After the Giants won the World Series, I read several articles by baseball writers and so-called baseball experts who were all baffled as to how the Giants could have possibly beaten the Reds, the Cards, and ultimately the Tigers, when the Giants, according to these experts, were so clearly the inferior collection of individual players. What a bunch of shortsighted knuckleheads! We, the Giants, were clearly the superior team and that’s why we kept on winning—because a great team is always far more than the sum of its parts and is invariably a highly cooperative community intolerant of selfishness. Or put another way, a great team is a collective dedicated to the success and well being of the entire group, and not just the enrichment of a few jerks who don’t care about anybody else. 

Homelessness

Thursday, June 14th, 2012

(This article appeared in the Anderson Valley Advertiser June 2012)

I am currently in the throes of rewriting a novel I first completed in 2003, rewrote entirely in 2006, and then did not touch for six years. I have only undertaken this kind of extended creative venture a few times in my life because most of my long dormant creations do not stand the test of time for me; so I have no interest in spending another thousand hours remaking them. Nor would I have had the opportunity to rewrite any of these long slumbering works had I been a more successful writer with publishers and producers clambering for my works as I completed them the first time. In any case, these books and plays and screenplays I remake multiple times over the course of many years are my favorite creations, regardless of their commercial fates.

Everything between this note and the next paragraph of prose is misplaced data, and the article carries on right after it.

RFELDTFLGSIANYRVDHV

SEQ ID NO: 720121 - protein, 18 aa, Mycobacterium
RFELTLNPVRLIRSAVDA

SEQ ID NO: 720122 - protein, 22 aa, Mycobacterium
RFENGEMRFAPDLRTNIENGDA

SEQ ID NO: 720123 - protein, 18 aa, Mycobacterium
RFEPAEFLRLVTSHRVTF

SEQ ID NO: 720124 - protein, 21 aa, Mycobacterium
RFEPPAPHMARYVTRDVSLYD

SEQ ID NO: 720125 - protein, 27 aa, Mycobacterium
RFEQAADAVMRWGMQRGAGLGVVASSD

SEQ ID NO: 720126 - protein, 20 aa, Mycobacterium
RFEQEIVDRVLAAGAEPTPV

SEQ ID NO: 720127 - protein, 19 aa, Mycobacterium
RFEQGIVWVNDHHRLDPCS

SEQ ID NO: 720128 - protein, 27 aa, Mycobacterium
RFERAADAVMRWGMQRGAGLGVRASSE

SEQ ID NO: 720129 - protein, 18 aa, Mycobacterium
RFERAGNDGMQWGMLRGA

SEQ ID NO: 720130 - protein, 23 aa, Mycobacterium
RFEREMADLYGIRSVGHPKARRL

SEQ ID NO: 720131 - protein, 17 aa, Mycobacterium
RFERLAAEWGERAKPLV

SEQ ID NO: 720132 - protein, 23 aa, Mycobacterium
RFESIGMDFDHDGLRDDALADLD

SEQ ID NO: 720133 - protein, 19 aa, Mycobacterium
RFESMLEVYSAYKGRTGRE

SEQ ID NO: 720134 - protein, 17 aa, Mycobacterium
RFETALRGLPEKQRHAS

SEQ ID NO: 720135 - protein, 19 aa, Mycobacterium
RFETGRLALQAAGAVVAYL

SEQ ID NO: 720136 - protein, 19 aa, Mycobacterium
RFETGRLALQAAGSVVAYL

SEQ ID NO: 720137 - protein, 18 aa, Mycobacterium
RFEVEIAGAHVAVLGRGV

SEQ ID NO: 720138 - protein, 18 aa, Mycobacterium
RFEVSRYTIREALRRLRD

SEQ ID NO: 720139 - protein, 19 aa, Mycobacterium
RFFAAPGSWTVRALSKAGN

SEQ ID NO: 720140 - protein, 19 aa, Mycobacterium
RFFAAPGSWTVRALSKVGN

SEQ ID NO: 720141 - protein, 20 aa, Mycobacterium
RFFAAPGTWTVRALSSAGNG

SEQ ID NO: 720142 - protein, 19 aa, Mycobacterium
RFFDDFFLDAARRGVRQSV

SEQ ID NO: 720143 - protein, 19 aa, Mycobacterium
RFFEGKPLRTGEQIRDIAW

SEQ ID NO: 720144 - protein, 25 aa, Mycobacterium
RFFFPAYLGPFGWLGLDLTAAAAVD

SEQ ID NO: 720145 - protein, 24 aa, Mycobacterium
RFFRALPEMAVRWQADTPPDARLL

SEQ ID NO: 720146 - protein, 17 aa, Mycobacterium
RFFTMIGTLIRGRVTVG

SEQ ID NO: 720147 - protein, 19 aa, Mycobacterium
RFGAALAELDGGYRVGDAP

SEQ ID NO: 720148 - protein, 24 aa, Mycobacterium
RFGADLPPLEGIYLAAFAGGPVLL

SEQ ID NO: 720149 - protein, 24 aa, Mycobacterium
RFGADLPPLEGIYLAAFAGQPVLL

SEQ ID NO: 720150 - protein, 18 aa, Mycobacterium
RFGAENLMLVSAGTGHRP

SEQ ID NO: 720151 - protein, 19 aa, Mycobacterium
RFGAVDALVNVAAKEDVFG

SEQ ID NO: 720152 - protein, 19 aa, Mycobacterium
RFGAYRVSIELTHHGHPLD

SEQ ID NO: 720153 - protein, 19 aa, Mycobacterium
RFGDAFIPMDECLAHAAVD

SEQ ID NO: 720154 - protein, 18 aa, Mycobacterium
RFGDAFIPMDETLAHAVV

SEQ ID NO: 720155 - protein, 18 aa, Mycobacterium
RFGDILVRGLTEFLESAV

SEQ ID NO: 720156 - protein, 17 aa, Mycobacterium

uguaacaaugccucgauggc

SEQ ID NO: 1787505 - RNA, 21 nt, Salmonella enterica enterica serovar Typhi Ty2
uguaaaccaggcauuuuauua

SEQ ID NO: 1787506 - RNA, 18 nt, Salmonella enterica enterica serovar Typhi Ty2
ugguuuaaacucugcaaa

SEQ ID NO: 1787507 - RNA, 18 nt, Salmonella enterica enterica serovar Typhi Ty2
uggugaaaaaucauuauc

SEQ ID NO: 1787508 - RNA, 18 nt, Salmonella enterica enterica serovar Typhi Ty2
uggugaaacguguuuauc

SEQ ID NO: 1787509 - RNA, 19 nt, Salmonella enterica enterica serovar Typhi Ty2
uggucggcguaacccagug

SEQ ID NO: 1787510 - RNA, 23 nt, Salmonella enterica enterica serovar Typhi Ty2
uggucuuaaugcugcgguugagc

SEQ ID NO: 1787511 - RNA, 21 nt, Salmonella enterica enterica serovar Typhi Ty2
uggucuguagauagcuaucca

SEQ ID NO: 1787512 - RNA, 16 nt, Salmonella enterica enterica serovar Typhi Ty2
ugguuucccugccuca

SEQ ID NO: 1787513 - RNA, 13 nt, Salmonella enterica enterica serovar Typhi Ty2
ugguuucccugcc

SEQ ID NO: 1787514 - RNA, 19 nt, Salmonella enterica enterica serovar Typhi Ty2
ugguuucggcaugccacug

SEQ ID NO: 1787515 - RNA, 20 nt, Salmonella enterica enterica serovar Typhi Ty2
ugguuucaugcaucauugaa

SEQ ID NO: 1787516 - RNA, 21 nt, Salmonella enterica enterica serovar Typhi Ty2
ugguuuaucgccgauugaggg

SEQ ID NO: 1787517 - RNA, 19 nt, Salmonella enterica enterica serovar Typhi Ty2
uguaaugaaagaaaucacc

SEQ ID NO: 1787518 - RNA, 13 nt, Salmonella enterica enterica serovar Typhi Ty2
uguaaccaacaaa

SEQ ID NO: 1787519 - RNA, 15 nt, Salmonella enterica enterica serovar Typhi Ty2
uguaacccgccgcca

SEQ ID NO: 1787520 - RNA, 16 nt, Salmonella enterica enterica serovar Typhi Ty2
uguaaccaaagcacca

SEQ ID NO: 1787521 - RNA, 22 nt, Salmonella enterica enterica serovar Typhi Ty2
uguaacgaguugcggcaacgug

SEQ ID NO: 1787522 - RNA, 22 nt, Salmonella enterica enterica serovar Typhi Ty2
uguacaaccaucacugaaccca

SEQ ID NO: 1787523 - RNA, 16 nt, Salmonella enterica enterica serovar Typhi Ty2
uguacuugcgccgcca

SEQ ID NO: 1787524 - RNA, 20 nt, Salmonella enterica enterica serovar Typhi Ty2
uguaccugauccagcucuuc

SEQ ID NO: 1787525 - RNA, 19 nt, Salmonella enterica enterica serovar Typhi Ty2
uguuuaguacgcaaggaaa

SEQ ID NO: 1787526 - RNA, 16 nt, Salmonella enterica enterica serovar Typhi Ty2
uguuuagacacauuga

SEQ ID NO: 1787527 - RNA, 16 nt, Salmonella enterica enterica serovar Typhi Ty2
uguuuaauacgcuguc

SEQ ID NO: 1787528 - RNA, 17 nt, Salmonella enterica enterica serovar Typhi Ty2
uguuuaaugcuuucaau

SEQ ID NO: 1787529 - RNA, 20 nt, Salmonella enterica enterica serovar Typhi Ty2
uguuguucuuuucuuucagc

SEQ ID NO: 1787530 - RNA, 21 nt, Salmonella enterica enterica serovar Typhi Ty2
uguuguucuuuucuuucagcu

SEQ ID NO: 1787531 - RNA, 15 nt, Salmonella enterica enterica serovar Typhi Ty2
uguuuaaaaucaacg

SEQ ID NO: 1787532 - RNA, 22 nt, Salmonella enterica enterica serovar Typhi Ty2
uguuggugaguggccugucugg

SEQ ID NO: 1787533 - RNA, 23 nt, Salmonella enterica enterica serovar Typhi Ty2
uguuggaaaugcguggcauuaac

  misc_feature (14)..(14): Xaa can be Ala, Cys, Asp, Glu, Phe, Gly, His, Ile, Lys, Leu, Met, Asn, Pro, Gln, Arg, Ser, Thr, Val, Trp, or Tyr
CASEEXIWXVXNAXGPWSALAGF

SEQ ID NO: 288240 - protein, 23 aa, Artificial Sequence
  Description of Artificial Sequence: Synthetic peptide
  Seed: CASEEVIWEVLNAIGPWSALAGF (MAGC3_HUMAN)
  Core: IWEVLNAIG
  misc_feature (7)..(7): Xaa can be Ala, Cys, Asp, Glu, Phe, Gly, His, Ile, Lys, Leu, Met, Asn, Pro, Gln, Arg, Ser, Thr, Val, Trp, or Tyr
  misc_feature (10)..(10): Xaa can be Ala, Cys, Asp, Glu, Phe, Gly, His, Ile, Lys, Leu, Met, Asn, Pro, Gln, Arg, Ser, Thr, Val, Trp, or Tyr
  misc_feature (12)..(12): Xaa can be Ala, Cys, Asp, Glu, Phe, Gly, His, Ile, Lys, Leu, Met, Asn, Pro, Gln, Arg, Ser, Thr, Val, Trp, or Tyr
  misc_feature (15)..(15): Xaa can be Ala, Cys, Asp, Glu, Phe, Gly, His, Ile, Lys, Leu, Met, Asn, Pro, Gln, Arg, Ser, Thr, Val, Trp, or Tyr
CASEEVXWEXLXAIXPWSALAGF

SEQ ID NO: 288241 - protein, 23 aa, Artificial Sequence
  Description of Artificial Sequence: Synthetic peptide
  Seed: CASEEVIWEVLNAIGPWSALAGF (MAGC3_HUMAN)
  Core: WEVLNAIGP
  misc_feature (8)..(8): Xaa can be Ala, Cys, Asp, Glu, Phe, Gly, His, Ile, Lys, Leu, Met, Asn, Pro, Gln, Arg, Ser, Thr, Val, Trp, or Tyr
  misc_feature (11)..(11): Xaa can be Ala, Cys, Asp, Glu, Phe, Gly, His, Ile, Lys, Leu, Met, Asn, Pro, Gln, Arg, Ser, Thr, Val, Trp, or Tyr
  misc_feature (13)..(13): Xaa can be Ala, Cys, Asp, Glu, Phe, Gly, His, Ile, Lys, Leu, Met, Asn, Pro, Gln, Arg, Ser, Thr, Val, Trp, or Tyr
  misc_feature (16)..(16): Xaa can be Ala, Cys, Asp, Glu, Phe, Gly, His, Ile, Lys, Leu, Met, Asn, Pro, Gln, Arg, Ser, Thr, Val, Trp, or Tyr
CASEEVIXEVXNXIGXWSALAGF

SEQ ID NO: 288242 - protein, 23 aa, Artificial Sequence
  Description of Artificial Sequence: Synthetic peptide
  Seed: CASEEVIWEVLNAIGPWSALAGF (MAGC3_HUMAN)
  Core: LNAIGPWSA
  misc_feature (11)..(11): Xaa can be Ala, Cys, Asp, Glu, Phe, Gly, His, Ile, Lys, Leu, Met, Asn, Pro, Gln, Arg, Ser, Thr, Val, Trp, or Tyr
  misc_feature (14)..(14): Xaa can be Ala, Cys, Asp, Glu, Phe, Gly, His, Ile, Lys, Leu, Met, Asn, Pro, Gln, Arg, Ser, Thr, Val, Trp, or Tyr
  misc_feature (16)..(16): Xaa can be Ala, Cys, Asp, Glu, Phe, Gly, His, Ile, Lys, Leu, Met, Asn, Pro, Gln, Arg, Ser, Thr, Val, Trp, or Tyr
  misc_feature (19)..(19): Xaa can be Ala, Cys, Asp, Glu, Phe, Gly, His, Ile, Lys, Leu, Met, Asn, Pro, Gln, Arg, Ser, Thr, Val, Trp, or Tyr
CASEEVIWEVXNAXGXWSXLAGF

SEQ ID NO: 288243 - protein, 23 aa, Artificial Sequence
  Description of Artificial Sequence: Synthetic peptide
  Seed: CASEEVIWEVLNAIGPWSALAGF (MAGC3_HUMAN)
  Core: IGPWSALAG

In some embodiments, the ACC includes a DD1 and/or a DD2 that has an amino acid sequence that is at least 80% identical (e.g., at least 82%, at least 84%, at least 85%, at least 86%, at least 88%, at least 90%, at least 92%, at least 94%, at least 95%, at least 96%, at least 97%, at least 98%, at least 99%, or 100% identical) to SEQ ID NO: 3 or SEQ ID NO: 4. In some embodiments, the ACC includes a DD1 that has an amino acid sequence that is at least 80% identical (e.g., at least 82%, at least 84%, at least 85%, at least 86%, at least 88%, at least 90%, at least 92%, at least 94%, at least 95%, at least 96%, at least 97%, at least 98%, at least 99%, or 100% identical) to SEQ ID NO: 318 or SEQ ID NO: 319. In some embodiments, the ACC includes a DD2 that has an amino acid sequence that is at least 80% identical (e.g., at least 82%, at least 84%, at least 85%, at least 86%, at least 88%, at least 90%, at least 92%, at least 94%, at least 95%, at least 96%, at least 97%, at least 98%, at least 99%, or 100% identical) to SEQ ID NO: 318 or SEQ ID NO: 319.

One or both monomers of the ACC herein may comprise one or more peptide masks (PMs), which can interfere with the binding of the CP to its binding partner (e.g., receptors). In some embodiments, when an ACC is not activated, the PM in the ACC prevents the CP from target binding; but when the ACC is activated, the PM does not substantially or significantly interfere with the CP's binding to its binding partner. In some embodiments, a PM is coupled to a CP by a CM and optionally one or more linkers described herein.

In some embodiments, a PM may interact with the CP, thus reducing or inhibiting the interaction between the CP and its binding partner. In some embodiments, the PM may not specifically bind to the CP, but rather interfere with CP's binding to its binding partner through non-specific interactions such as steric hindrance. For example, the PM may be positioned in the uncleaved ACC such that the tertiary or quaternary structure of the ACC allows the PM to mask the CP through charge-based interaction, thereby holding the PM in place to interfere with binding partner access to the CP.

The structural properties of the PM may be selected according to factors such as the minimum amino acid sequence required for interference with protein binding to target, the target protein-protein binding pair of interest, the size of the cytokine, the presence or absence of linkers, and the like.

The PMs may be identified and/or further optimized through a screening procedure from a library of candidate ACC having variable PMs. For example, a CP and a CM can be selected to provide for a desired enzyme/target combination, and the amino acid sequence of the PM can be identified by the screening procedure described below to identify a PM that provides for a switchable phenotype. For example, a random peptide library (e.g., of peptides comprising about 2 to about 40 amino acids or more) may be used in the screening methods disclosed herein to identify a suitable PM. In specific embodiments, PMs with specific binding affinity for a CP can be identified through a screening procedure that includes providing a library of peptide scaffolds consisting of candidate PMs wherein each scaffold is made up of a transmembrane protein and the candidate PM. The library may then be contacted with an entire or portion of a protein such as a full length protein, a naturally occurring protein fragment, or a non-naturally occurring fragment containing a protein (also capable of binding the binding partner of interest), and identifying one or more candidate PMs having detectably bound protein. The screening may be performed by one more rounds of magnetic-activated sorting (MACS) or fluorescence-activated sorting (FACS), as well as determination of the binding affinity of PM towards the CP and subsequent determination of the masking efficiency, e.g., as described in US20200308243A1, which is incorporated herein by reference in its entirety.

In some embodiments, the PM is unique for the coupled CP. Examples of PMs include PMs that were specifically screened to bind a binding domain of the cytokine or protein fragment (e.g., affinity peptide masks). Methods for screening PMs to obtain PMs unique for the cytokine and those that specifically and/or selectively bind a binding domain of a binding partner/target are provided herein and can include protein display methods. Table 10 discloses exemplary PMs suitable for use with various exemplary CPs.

This novel I am rewriting is a quasi-autobiographical tale about a middle-aged man who invites a homeless woman and her four-year-old son to live with him. His relationship with the boy is loving and parental, his relationship with the woman in no way sexual, though sexuality is one of the larger subjects of the novel. And though I am still keenly interested in the book’s exploration of sexuality, I am most interested (at the moment) in the subject of homelessness, for I was reminded when I read this manuscript that homelessness has played a central role in many of my books and stories, both published and unpublished.